We report a rare case of blunt trauma of the axillary artery in a 20-year-old man who was injured as a motorcycle rider and received severe body injuries. Injuries included severe trauma of the left lower leg with contusion and extensive soft tissue and bone trauma of these regions with poor general condition and with the presence of clinical signs of traumatic shock. Upon arrival, we found that in addition to earlier clearly visible trauma to the leg, there was a hematoma of the medial side of the left supraclavicular region and the absence of the radial artery pulse with paralysis of the left arm. Given the clinical findings, emergency radiological examination was made to the patient (X-ray, US, CDFI, MSCT-angiography) and we found out that there was trauma of axillary artery with clear signs of thrombosis of extra thoracic part of subclavian artery due to its transition into the axillary artery. After hemodynamic stabilization, above knee amputation of the left leg was performed and emergency exploration of earlier mentioned arteries. Bypass of the damaged arteries with synthetic graft 6 mm in diameter was made. Control MSCT angiography showed normal flow in the arterial tree of the whole left hand and the MRI of the cervical spine and shoulder girdle did not found lesions of the brachial plexus. SSEP demonstrated the absence of pulses on the left hand. Patient on regular check-ups showed normal general condition, with adequate passable graft and pronounced paralysis on the left hand. In the process of rehabilitation physiotherapy was also included. Blunt trauma to the axillary artery is an extremely rare example of trauma of blood vessels which makes only 0.03% of all vascular injuries.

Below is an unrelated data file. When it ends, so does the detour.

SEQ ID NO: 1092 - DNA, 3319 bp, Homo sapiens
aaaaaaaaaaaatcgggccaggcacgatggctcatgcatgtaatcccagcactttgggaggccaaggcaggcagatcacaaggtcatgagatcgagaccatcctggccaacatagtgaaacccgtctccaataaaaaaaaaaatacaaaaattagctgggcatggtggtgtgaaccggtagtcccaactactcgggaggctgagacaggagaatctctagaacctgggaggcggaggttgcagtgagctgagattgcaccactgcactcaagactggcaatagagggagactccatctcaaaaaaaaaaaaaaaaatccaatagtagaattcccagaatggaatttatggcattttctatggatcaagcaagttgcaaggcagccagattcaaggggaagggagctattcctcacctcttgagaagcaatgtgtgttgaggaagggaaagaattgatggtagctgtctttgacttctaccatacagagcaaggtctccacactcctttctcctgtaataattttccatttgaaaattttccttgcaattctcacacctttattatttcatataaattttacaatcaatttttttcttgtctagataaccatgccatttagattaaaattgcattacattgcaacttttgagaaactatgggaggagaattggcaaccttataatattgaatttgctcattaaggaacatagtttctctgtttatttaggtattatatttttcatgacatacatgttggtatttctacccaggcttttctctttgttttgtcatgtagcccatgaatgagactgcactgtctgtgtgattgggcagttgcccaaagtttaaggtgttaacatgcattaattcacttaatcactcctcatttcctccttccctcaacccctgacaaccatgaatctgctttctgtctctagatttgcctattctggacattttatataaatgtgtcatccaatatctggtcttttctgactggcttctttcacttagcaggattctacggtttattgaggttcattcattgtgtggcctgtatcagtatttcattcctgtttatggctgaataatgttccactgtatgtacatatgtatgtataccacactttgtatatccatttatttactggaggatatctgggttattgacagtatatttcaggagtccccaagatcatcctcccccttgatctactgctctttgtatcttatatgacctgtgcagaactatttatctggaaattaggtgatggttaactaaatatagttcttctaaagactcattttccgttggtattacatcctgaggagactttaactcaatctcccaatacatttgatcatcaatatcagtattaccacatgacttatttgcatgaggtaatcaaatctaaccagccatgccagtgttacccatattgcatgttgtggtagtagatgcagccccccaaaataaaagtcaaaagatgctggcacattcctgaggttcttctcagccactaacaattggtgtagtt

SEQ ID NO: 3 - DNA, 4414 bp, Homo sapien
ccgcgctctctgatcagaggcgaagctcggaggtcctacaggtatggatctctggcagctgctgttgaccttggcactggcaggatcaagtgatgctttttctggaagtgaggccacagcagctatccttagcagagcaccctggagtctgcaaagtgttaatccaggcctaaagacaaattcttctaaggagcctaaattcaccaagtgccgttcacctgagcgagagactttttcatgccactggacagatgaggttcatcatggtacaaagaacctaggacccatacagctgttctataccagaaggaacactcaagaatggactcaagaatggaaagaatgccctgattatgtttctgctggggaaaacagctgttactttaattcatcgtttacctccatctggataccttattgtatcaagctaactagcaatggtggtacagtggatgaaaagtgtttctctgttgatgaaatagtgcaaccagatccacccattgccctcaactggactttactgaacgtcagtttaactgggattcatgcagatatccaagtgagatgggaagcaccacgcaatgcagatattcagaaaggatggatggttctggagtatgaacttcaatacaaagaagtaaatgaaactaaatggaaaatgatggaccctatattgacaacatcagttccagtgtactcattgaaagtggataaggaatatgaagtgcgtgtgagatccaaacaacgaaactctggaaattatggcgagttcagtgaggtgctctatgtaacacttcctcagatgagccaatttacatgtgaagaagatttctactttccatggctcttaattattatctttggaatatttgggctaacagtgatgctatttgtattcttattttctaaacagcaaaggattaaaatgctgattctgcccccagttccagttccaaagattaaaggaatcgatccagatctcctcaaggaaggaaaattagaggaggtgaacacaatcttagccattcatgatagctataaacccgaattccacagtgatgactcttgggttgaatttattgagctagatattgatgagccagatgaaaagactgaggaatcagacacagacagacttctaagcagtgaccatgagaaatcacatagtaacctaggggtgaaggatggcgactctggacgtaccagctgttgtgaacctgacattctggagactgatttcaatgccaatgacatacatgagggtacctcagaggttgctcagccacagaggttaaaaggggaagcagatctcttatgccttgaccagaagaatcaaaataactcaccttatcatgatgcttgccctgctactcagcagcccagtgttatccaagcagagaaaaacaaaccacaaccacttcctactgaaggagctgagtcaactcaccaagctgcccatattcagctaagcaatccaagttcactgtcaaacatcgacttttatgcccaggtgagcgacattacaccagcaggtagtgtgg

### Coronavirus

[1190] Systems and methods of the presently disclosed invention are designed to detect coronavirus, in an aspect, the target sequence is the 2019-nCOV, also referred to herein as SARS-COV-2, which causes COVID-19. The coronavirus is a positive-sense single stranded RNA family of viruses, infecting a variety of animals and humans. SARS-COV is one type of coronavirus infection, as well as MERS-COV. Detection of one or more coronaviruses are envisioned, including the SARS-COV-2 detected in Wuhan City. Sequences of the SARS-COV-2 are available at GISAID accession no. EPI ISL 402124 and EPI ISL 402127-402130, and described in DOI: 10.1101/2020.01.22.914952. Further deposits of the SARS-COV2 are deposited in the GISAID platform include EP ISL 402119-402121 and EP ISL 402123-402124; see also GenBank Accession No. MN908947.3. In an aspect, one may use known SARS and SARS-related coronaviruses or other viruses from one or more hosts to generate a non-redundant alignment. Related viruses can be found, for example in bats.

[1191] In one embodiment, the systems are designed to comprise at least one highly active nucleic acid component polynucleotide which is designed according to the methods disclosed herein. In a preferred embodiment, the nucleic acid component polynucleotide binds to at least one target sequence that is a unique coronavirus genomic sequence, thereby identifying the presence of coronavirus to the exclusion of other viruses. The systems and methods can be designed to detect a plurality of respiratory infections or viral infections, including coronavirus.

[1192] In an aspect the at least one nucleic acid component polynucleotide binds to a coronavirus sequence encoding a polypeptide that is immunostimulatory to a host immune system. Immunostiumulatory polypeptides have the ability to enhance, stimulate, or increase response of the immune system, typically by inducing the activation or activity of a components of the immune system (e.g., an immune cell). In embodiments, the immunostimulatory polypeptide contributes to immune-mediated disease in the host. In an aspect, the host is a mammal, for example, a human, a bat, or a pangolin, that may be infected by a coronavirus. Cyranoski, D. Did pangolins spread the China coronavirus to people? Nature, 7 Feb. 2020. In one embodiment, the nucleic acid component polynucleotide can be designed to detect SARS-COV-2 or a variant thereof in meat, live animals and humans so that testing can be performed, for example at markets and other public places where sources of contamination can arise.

18. Pain management for blunt thoracic trauma: A joint practice management guideline from the Eastern Association for the Surgery of Trauma and Trauma Anesthesiology Society.

    PubMed

    Galvagno, Samuel Michael; Smith, Charles E; Varon, Albert J; Hasenboehler, Erik A; Sultan, Shahnaz; Shaefer, Gregory; To, Kathleen B; Fox, Adam D; Alley, Darrell E R; Ditillo, Michael; Joseph, Bellal A; Robinson, Bryce R H; Haut, Elliot R

    2016-11-01